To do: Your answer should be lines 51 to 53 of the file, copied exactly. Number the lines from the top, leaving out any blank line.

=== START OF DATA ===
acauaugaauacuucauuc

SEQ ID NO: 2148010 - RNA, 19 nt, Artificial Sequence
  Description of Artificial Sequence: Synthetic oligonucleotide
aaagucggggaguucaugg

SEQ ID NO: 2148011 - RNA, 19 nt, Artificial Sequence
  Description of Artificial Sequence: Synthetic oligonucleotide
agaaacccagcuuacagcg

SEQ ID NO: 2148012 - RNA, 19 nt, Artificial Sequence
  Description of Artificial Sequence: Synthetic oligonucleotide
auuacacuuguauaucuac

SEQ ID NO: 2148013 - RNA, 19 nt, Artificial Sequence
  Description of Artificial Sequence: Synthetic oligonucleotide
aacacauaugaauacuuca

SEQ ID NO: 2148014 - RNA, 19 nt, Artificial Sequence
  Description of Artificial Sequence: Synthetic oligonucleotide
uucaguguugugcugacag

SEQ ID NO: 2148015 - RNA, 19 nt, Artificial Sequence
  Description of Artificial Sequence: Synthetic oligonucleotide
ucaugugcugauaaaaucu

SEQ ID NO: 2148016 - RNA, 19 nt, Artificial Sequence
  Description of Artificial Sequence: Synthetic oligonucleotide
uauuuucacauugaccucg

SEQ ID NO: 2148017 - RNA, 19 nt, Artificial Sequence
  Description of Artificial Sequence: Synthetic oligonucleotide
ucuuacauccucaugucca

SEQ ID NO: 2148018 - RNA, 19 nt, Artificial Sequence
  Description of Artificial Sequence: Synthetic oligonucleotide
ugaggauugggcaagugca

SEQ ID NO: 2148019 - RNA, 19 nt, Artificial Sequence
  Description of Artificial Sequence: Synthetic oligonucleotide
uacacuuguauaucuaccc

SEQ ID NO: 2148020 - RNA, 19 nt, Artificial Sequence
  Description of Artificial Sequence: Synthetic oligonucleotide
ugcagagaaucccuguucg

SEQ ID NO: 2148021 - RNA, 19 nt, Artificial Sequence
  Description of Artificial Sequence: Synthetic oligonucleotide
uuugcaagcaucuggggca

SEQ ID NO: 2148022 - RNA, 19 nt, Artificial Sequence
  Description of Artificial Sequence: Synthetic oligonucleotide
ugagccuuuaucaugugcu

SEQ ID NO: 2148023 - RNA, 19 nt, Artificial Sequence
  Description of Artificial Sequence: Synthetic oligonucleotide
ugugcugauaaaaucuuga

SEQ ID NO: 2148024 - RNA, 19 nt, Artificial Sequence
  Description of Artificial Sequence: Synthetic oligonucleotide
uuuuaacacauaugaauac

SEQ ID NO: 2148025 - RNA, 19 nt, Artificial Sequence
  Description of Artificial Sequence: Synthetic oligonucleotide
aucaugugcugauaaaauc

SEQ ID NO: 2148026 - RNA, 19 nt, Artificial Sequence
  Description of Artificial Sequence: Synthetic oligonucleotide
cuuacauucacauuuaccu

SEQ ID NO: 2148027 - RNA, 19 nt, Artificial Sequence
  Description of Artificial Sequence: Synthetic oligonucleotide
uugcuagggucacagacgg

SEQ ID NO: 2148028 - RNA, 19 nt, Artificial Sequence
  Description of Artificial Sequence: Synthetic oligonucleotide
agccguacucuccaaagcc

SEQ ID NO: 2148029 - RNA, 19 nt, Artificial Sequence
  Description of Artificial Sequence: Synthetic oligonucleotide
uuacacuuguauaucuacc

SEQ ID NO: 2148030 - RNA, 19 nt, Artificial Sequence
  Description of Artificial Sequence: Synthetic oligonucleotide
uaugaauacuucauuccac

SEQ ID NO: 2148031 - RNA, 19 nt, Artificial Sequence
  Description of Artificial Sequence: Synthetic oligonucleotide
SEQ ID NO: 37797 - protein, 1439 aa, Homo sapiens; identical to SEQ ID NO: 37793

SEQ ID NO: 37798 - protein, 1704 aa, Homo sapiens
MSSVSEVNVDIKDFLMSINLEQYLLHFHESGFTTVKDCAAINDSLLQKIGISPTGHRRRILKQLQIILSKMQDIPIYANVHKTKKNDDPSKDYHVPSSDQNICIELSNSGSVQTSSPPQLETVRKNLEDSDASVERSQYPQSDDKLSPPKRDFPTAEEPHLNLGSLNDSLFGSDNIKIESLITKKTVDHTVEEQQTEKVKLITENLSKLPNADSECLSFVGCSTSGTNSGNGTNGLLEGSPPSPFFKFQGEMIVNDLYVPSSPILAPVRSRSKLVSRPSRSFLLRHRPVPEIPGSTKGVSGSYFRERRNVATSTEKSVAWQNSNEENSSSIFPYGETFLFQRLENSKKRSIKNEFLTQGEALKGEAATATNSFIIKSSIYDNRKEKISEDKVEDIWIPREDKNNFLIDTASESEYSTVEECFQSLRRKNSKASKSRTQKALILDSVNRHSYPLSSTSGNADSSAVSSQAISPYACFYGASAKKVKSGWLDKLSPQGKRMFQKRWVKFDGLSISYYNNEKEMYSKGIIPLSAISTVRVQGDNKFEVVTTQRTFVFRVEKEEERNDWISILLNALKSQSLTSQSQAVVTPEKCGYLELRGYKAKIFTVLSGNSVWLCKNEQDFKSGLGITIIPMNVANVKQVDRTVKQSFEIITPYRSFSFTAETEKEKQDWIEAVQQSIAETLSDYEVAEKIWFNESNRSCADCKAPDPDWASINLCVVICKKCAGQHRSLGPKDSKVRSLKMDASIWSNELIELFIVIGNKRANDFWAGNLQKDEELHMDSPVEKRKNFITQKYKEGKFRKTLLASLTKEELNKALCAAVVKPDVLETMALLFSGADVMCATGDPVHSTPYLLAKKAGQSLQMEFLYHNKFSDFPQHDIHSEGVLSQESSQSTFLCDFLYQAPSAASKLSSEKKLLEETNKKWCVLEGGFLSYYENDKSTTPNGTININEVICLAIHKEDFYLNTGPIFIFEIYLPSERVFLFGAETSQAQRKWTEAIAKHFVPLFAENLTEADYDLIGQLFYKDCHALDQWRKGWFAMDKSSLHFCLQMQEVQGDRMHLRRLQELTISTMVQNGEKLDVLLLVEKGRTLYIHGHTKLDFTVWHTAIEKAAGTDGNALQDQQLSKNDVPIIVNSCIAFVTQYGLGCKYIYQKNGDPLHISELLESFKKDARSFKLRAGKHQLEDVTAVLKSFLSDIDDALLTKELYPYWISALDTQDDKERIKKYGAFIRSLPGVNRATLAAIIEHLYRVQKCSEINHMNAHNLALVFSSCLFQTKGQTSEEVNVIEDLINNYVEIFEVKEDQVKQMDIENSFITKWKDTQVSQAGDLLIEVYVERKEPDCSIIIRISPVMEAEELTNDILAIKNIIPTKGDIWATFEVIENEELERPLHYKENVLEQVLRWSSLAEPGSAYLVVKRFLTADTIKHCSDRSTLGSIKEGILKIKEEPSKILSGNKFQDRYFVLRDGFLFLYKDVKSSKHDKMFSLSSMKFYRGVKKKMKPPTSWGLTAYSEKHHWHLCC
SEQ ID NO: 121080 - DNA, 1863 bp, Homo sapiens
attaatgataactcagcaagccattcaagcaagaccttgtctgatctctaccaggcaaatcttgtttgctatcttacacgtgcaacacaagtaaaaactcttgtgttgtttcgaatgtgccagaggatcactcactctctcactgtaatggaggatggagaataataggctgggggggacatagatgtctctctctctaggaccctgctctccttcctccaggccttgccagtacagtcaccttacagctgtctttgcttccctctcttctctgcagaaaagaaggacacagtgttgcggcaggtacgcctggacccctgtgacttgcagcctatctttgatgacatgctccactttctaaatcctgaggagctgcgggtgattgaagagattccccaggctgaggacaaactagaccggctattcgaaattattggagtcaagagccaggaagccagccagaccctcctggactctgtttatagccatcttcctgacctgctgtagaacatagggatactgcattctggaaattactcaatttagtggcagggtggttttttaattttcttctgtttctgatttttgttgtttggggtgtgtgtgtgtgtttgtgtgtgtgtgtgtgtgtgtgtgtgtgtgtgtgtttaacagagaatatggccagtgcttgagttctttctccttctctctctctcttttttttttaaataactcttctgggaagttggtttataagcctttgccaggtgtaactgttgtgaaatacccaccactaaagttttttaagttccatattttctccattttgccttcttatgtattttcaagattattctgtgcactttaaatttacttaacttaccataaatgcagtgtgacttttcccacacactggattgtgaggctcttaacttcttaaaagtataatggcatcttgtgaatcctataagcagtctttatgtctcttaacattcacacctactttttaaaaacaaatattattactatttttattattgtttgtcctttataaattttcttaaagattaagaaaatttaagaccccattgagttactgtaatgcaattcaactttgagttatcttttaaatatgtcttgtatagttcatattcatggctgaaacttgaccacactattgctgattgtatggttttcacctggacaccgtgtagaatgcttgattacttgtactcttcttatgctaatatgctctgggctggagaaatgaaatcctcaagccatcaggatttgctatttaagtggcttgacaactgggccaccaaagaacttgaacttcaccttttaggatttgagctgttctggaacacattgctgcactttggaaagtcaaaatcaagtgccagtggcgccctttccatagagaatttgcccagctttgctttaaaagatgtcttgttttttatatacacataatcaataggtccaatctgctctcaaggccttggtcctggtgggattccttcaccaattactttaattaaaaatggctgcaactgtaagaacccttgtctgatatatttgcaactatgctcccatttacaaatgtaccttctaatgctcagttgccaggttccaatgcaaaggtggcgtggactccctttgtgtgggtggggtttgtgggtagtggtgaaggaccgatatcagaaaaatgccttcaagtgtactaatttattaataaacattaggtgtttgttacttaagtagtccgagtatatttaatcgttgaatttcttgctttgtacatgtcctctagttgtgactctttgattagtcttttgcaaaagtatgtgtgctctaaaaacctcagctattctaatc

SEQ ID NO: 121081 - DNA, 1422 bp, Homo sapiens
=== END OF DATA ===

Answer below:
  Description of Artificial Sequence: Synthetic oligonucleotide
cuuacauucacauuuaccu

SEQ ID NO: 2148027 - RNA, 19 nt, Artificial Sequence